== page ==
Autolycus (thief)

Autolycus (Ancient Greek: Αὐτόλυκος, meaning: "the wolf itself") was a legendary thief in Greek mythology, and a man who was named as the grandfather of the Greek hero Odysseus.

There are a number of different accounts of the birth of Autolycus. According to most, he was the son of Hermes and Chione or Philonis.

In Ovid's version, Autolycus was conceived after Hermes had intercourse with the virgin Chione. Pausanias instead states that Autolycus' real father was Daedalion.

In some accounts, his mother was also called Telauge.

Depending on the source, Autolycus was the husband of Mestra (who could change her shape at will and was a daughter of Erysichthon), or of Neaera, or of Amphithea.

He became the father of Anticlea (who married Laertes of Ithaca and was the mother of Odysseus) and several sons, of whom only Aesimus, father of Sinon was named.

Autolycus' other daughter was Polymede, mother of Jason, the famous Argonaut who led a group of men to find the coveted Golden Fleece.

A different Autolycus, the son of Deimachus, was a part of the Argonauts who went on the journey to find the fleece.


Daedalion, the son of Hesperus, had a beautiful daughter called Chione (also known as Philonis), a daughter who had many suitors; with possibly as many as a thousand men lined up to marry her. The beauty of Chione though did not just attract mortal men, for the gods Hermes and Apollo also desired her.

The pair of gods decided to act upon their desires, but whilst Apollo decided to wait until night time, Hermes did not wait, and had his way with Chione, later, Apollo would also sleep with Chione. As a result, Chione fell pregnant with two sons, Autolycus the son of Hermes, and Philammon, son of Apollo.

Autolycus and Philammon would shortly lose their mother though, for Chione boasted of her superiority to Artemis, for she was desired by so many, and an angry Artemis killed Chione with her arrows.


It was said that Autolycus inherited many skills from his father Hermes, for Autolycus became a master thief and highly adept in trickery. Hermes was said to have also given Autolycus the ability to change his own appearance, and also the appearance of anything that he stole, a very useful ability for a thief.

For example, he was given the gift that his thievery could not be caught by anyone while he also had a helmet to make him invisible; as well as, the skill with the lyre and gracious song (in a sense, being able in mesmerizing people).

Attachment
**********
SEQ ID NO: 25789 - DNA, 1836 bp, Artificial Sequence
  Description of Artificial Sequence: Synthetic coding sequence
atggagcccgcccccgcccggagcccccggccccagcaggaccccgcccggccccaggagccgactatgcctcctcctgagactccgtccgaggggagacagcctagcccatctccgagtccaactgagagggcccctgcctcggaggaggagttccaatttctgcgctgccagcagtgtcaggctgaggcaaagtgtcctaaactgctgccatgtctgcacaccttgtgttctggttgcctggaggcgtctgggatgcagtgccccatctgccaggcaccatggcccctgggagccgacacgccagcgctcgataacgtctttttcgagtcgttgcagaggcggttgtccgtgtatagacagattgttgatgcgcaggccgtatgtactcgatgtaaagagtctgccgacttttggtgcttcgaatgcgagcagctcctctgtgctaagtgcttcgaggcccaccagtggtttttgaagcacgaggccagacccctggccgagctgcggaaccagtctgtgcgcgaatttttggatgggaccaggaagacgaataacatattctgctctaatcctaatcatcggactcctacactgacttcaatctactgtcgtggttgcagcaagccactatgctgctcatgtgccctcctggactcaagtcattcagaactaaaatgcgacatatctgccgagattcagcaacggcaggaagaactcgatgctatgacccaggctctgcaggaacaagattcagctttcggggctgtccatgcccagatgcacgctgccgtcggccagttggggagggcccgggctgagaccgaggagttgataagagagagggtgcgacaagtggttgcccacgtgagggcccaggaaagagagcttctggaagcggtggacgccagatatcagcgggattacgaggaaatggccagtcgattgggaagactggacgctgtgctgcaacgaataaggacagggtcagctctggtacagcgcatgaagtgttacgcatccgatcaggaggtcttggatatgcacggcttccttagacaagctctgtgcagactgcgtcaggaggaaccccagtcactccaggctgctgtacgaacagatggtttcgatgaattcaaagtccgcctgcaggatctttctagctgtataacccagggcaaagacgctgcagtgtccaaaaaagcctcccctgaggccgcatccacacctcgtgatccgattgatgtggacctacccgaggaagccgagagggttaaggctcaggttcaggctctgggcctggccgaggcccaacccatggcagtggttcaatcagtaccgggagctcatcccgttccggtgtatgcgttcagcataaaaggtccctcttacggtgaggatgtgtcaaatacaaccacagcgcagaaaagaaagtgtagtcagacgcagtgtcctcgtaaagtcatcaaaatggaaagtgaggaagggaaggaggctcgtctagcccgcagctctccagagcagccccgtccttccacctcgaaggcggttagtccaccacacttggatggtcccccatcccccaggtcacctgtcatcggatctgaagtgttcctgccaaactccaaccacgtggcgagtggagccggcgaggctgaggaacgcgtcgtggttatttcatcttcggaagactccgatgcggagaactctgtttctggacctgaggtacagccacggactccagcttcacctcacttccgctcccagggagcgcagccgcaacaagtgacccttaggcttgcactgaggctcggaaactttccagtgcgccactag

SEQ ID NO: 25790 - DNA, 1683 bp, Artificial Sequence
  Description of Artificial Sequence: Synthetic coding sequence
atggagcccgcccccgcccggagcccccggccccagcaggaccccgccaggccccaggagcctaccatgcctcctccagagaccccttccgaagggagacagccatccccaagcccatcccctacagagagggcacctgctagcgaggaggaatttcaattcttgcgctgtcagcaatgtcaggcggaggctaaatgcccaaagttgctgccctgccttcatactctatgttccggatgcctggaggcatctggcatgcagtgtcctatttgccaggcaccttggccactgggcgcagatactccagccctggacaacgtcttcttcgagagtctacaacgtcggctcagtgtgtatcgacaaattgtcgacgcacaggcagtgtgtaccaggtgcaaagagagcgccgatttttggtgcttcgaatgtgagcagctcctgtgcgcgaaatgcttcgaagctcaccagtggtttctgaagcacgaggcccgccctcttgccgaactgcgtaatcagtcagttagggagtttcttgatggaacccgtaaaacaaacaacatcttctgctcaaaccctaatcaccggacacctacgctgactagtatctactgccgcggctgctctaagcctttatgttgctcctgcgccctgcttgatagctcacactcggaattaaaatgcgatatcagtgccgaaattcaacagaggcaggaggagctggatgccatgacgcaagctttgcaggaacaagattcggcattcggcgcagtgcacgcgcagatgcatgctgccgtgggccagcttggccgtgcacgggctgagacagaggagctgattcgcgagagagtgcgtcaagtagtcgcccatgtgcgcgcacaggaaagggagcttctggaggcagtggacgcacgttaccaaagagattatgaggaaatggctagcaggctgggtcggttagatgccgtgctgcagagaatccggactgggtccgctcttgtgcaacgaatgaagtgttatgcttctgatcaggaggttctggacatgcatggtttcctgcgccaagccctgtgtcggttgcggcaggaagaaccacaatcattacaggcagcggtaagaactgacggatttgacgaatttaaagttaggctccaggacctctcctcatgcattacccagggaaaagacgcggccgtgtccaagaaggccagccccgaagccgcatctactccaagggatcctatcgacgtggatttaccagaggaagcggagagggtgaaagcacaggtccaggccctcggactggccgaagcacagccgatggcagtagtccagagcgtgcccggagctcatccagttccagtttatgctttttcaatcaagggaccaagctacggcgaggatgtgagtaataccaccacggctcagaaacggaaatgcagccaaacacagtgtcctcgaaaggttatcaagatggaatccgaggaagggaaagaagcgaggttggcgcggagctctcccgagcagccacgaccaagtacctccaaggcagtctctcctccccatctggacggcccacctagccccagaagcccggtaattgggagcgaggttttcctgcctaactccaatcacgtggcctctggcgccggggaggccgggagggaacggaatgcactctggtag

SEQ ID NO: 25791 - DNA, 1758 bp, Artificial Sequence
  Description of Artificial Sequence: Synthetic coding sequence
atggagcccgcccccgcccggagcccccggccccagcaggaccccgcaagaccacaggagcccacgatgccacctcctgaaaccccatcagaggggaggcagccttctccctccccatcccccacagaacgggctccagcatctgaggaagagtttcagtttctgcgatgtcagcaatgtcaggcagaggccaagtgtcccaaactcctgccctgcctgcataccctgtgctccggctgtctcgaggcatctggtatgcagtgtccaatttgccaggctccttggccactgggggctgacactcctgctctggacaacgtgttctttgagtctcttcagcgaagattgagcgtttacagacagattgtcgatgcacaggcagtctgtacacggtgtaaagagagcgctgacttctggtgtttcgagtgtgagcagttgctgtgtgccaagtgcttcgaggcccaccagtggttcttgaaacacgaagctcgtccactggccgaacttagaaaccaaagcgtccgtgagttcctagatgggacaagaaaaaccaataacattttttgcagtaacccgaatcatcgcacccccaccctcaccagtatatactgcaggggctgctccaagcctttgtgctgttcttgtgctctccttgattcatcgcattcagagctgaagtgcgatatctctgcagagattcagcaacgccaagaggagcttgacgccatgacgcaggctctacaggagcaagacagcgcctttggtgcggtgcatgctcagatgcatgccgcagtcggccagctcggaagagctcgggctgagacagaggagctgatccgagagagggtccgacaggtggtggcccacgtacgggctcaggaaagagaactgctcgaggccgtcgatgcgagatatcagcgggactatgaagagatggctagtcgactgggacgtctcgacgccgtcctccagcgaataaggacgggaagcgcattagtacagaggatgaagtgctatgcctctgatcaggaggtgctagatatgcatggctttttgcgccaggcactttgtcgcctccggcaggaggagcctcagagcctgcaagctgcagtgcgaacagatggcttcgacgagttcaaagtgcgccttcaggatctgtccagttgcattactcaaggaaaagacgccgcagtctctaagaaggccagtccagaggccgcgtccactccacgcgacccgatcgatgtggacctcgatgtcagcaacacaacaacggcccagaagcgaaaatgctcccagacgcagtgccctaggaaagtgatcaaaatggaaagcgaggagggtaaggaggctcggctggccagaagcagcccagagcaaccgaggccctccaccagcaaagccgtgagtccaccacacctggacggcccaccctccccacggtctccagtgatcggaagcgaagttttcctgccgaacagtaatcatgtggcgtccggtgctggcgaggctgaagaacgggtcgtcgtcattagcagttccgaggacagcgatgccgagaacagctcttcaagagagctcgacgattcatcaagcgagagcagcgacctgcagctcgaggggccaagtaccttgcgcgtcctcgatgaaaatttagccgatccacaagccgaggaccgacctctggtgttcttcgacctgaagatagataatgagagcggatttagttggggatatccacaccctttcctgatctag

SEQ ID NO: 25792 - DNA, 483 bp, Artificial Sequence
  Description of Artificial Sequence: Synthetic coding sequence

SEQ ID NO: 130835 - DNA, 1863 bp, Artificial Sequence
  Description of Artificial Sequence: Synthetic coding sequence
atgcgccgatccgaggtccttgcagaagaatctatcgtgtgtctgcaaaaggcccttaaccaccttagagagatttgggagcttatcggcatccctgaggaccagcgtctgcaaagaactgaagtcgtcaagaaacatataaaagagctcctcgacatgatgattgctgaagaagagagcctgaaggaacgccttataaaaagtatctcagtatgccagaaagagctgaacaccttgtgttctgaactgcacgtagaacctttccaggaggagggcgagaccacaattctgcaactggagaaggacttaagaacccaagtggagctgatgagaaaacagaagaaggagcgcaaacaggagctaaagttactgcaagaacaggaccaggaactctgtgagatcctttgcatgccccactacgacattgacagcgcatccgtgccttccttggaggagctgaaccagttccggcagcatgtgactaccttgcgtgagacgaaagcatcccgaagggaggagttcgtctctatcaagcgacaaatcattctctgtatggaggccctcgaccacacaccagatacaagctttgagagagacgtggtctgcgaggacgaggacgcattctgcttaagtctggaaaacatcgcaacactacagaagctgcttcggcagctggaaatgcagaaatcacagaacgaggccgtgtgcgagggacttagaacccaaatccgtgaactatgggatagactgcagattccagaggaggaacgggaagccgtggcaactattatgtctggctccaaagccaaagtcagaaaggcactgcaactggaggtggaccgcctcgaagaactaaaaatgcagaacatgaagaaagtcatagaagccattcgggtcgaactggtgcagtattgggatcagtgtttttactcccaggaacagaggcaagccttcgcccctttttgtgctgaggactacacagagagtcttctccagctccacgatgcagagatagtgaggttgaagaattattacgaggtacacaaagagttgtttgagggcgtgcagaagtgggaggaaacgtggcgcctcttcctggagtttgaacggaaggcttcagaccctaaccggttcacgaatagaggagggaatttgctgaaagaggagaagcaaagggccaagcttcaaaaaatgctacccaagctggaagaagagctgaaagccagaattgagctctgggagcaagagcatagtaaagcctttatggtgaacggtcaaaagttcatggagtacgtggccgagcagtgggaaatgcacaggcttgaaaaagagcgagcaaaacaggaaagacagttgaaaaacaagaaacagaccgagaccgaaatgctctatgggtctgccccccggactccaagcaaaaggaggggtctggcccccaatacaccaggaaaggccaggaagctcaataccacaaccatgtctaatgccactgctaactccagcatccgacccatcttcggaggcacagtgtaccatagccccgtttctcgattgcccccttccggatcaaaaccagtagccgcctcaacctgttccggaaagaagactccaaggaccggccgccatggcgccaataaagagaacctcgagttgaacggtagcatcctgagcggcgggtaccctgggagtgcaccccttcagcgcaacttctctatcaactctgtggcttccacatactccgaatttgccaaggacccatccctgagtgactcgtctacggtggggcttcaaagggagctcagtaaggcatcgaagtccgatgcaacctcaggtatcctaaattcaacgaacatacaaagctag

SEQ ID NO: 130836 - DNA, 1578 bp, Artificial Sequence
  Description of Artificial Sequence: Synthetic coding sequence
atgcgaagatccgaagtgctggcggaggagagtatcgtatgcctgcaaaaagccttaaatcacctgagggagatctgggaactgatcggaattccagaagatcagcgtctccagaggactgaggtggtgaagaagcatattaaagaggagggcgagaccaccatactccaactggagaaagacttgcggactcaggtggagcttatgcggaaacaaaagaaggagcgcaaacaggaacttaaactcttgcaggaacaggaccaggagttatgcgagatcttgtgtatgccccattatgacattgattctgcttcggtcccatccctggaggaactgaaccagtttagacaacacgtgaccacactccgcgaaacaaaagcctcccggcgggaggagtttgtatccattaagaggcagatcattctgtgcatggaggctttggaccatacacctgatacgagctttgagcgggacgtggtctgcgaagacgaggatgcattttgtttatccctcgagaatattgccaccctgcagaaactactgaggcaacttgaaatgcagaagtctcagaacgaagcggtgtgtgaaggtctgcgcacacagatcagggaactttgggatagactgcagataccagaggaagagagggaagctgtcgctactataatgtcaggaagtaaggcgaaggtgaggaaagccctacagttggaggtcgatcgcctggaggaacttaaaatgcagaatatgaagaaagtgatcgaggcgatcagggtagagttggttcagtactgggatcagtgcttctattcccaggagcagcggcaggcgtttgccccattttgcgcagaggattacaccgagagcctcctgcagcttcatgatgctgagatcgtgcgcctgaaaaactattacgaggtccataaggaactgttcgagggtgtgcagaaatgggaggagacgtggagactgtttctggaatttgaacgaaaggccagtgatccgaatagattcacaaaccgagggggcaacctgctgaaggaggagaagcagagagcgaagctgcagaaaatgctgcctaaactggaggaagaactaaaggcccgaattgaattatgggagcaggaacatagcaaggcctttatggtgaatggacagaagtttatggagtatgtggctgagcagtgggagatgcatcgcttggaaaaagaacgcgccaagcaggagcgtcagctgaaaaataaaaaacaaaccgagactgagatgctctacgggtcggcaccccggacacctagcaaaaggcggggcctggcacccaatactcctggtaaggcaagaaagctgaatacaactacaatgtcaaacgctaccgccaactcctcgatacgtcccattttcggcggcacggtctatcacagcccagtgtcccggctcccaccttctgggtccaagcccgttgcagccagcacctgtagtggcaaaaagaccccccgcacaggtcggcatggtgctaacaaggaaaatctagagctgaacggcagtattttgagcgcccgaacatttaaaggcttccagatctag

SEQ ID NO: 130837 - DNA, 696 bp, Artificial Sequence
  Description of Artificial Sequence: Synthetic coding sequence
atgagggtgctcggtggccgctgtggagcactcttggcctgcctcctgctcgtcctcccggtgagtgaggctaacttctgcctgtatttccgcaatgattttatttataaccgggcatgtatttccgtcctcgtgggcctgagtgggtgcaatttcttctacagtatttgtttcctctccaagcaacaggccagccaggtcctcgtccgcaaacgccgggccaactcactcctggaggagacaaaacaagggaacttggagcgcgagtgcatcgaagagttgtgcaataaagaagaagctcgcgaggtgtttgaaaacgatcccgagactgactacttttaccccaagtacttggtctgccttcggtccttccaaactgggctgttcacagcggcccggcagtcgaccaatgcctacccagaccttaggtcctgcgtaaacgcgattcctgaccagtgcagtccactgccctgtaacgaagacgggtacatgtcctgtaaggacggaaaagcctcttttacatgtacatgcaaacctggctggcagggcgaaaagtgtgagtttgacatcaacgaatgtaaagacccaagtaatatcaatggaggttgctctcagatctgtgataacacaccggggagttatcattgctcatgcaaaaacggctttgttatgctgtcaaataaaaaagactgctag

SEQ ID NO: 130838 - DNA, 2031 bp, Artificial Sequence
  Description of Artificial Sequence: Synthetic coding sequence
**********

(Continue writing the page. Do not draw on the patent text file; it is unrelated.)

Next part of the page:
Autolycus would then reside upon Mount Parnassus, where he would find himself a suitable wife.

Various names are given for the wife of Autolycus, including Amphithea, Neaera and Mesta, but in any case, Autolycus would become father to two daughters, Anticleia and Polymede.


Autolycus would then be a figure who appears on the periphery of several myths.

When Heracles was in dispute with Eurytus, about the marrying of Iole, some cattle went missing from the king’s herd, and Eurytus blamed Heracles for the theft, but in all probability it was Autolycus who had stolen the stock. Iphitus, the son of Eurytus, asked Heracles to assist in the search for the cattle, but Autolycus had hidden his tracks too well.


Autolycus also appears in another story of missing cattle, for Autolycus was a neighbour of King Sisyphus, and as Autolycus’ herd grew in size, so that of Sisyphus decreased. Autolycus had changed the appearance of the stolen cattle, and so the theft could not be proved.

Sisyphus though, was as crafty as Autolycus, and the king cut his mark into the hooves of his remaining cattle, and when more cattle went missing, Sisyphus found them in the herd of Autolycus, despite the change in appearance.

In revenge, Sisyphus would have his way with the daughter of Autolycus, Anticleia. Anticleia though, would shortly afterwards marry Laertes, the king of the Cephallenians, and so there was a dispute about who was the father of Anticleia’s son, Odysseus, was it Laertes or Sisyphus?


It was said though that Autolycus was the one who named the son of Anticleia Odysseus, for Autolycus had visited his daughter and Laertes on Ithaca, shortly after the birth of their son.

Autolycus also appears in a story about the young Odysseus, for it was Laertes who instructed Odysseus in the art of the hunt, and one day Odysseus would come across a wild boar, which would result in Odysseus receiving a scar, but also the prize of one dead boar.


Virgil also names Aesimus as a son of Sisyphus and grandson of Autolycus, which would make the Greek hero Sinon a nephew of Odysseus.

Likewise, it is also stated in some sources that Jason was a grandson of Autolycus born to Autolycus’ daughter Polymede and her husband Aeson.


Autolycus is often found in the list of Argonauts, although it is probable that the Autolycus who sailed on-board the Argo was not the master thief, but a hero of the same name from Thessaly.

This secondary Autolycus was a companion of Heracles in other adventures, and if the genealogy given for Autolycus, the son of Hermes, then an age discrepancy would occur with Autolycus being the grandfather of Jason. It was also the secondary Autolycus, who probably taught Heracles how to wrestle.


Apollodorus. Bibliotheke I, ix, 16; II, iv, 9; vi, 2.

Ovid. Metamorphoses XI, 301-17;

Homer. Iliad X, 265-271.

Homer. Odyssey XI, 84-6; XIX,395-566.

Hyginus, Fabulae

Homer, Odyssey

Ovid, Metamorphoses

Pausanias, Description of Greece

Aeschylus, Fragments

Apollodorus, The Library

Homer, Iliad

Apollonius Rhodius, Argonautica

Pausanias viii. 4. § 3

Odyssey xix. 394, &c.


"Greek Legends and Myths"

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